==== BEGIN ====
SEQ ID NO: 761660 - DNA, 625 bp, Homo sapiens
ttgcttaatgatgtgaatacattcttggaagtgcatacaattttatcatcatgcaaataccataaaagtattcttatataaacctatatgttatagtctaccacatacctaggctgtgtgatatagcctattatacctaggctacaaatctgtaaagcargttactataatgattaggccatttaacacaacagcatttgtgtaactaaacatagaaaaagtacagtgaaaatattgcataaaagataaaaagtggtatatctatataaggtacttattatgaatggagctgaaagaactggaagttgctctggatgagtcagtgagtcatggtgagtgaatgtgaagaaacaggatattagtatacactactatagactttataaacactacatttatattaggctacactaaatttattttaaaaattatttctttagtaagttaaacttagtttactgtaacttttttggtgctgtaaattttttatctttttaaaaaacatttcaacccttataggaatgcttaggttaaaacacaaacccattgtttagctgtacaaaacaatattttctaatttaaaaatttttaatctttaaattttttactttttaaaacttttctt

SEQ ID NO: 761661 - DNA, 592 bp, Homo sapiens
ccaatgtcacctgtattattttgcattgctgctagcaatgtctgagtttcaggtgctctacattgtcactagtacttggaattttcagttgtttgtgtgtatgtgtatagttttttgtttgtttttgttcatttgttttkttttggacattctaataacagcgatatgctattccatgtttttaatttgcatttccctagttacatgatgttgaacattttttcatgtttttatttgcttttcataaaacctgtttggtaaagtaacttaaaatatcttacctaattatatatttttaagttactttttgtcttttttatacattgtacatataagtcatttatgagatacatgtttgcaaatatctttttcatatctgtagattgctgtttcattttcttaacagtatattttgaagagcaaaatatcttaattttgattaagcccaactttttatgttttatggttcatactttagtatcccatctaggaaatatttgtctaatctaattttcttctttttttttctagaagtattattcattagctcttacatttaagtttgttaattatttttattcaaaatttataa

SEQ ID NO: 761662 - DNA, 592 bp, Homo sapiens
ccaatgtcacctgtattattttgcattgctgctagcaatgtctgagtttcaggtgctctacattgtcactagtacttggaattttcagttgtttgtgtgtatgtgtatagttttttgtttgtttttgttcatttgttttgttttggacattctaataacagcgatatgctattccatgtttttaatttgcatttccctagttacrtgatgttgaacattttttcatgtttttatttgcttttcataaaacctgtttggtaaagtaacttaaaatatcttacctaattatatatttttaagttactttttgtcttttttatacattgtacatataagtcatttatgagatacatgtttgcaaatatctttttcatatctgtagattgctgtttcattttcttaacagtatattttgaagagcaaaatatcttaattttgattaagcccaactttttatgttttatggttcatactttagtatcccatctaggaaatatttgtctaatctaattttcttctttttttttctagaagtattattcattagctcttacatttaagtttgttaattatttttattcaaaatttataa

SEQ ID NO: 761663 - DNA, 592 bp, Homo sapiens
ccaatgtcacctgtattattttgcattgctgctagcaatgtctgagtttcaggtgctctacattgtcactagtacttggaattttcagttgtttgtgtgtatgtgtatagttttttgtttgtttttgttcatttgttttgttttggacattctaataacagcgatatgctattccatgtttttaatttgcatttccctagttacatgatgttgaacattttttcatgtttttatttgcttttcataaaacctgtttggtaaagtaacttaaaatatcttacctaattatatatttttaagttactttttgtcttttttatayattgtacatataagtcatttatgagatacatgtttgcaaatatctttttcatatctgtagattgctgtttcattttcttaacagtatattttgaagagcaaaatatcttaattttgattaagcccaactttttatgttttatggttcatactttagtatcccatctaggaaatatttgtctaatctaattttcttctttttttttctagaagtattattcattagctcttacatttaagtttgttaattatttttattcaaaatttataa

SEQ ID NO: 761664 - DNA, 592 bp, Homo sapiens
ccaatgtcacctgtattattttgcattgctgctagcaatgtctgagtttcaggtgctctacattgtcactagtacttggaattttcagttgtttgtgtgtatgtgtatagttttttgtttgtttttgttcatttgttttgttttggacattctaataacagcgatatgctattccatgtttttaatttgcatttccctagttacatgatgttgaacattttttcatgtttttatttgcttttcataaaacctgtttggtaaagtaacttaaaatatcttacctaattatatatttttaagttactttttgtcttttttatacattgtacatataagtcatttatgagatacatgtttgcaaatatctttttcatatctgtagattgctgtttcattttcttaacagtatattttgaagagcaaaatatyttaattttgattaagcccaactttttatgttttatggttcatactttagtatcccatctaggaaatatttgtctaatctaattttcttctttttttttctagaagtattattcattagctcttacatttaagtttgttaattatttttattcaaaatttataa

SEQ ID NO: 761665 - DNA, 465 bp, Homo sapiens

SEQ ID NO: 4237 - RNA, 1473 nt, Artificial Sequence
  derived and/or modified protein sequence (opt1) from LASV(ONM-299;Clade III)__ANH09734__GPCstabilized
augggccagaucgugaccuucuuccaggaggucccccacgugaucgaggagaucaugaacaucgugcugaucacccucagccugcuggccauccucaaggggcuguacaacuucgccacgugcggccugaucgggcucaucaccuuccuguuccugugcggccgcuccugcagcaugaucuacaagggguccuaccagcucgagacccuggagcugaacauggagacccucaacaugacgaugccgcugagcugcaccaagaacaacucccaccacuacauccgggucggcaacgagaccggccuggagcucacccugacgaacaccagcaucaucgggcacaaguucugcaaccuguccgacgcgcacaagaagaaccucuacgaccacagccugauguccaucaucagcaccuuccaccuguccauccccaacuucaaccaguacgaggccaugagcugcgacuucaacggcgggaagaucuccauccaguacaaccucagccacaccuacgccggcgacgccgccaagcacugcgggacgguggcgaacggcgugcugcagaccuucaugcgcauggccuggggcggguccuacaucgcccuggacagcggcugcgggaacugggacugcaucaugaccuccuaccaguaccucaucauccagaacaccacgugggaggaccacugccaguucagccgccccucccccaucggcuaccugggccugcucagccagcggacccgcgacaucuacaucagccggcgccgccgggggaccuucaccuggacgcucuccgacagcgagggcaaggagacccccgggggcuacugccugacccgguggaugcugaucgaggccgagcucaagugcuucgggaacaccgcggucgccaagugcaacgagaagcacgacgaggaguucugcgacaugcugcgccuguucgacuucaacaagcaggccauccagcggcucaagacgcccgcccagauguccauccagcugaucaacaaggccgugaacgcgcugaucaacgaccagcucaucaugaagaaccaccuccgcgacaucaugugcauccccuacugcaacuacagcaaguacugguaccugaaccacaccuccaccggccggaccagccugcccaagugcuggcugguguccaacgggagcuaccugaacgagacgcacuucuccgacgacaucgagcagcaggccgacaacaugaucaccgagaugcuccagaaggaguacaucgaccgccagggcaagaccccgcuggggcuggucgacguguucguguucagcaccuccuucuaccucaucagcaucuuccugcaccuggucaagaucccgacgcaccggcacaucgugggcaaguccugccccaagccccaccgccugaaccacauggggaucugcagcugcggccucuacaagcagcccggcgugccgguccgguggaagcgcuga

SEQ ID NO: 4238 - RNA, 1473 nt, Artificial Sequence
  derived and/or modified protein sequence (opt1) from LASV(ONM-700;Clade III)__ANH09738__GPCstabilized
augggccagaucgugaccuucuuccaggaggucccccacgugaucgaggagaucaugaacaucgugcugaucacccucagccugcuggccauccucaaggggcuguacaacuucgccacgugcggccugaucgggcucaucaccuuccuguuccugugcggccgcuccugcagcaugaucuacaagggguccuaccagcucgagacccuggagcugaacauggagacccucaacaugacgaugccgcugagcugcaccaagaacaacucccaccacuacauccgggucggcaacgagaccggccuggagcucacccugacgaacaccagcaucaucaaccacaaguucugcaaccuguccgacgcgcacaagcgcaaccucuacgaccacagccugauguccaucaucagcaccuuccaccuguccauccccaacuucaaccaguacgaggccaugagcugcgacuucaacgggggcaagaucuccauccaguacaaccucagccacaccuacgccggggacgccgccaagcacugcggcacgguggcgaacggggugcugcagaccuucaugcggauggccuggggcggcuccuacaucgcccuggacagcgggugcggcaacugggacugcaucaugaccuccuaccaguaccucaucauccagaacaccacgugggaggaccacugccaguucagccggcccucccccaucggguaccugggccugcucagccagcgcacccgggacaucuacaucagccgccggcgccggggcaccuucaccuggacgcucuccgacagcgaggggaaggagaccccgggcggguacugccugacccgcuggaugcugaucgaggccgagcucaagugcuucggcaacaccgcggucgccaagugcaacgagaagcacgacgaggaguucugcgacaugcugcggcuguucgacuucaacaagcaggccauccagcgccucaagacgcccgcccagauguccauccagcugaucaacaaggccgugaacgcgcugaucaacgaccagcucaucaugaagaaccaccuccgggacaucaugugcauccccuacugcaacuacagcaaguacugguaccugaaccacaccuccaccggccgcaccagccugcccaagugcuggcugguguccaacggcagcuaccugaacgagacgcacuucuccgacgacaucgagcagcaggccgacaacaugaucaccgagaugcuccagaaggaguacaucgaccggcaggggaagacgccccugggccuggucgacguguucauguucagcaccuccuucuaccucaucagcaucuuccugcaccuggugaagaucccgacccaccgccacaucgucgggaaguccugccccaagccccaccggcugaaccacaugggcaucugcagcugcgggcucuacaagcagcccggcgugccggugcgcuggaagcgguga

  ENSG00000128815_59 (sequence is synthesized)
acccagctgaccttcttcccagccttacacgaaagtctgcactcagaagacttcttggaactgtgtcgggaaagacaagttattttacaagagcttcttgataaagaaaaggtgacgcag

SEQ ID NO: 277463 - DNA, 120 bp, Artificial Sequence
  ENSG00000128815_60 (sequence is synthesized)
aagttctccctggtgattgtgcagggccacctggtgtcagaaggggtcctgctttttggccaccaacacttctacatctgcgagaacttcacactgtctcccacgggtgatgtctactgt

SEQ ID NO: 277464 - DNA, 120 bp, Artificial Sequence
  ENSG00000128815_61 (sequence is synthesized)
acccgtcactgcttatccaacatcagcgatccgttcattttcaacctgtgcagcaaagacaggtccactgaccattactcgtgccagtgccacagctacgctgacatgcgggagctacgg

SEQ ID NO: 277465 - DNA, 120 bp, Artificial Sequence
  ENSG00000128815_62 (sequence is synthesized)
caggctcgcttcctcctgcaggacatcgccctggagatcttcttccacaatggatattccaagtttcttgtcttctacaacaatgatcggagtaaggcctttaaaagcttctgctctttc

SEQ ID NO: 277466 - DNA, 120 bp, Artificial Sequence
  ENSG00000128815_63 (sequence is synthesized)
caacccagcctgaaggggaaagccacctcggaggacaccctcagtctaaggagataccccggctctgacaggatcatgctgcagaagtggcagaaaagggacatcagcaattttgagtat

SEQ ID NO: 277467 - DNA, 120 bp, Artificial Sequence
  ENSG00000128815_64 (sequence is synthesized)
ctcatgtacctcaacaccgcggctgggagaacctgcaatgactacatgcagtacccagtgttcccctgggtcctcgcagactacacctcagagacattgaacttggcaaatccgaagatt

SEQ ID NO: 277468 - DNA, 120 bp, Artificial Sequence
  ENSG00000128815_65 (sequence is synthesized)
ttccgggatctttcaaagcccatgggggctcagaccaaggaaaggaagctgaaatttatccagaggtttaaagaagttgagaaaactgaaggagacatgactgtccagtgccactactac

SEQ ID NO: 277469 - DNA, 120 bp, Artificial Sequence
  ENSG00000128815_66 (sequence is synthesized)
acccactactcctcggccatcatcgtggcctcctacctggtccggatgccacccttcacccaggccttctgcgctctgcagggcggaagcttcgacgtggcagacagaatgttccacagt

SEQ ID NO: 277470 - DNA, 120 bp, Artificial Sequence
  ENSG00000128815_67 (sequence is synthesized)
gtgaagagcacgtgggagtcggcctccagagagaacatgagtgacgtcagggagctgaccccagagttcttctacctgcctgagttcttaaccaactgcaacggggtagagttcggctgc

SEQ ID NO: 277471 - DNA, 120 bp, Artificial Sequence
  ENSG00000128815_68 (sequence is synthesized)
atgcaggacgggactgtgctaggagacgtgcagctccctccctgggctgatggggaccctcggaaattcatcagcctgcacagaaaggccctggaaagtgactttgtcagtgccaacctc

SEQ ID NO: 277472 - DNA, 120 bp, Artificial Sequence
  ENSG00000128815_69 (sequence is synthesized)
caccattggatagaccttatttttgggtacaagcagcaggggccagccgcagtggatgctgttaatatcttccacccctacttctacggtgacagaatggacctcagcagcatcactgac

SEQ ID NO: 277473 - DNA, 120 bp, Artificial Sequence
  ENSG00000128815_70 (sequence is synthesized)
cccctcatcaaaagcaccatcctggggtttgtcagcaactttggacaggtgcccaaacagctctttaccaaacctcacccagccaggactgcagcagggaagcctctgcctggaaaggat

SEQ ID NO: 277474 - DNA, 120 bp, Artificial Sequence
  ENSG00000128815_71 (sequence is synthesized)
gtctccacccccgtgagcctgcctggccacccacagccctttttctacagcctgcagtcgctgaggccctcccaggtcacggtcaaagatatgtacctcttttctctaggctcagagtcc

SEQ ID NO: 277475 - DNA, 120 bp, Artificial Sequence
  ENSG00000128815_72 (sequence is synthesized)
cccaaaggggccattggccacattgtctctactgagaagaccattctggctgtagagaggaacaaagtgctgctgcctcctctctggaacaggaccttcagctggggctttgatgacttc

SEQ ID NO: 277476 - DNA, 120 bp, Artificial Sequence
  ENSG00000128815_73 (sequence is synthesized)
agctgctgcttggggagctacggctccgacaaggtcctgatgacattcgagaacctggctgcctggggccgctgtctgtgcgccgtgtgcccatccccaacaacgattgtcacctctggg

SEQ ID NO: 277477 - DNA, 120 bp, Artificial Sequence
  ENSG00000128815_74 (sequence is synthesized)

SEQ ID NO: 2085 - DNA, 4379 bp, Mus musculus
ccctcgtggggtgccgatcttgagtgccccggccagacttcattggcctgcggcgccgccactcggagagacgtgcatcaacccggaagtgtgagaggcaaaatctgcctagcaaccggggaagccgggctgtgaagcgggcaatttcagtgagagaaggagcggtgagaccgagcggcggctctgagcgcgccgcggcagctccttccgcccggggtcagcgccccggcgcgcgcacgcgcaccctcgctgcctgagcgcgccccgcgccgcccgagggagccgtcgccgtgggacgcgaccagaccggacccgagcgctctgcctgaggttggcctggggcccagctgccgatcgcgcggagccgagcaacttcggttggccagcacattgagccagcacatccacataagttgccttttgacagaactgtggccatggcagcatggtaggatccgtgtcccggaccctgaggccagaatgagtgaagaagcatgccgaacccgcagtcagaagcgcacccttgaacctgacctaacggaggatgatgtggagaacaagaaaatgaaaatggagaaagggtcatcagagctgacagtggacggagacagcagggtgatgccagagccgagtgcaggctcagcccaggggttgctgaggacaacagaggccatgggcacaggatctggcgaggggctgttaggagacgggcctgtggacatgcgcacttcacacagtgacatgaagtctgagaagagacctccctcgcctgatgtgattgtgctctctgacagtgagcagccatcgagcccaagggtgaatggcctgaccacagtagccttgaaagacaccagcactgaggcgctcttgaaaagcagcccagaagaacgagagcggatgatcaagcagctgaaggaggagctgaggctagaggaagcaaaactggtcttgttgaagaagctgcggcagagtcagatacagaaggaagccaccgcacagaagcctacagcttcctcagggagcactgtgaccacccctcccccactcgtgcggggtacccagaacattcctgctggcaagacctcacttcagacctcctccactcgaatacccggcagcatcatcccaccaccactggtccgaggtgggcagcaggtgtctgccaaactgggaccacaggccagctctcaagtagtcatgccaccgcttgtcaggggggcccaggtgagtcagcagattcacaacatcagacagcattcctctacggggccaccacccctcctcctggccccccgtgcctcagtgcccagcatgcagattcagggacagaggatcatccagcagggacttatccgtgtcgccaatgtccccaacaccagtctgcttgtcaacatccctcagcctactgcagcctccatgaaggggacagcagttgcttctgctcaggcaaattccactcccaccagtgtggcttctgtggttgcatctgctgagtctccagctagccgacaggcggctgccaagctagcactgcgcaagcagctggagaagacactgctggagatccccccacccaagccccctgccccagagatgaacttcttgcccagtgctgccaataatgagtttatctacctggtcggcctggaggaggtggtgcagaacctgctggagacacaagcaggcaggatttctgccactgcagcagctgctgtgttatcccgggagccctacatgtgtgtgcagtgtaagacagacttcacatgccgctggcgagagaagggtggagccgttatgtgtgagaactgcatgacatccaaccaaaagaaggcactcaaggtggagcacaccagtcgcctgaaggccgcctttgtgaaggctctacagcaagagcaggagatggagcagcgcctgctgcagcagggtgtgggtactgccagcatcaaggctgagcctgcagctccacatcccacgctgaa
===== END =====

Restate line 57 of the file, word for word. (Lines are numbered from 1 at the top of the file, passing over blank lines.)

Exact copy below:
  ENSG00000128815_72 (sequence is synthesized)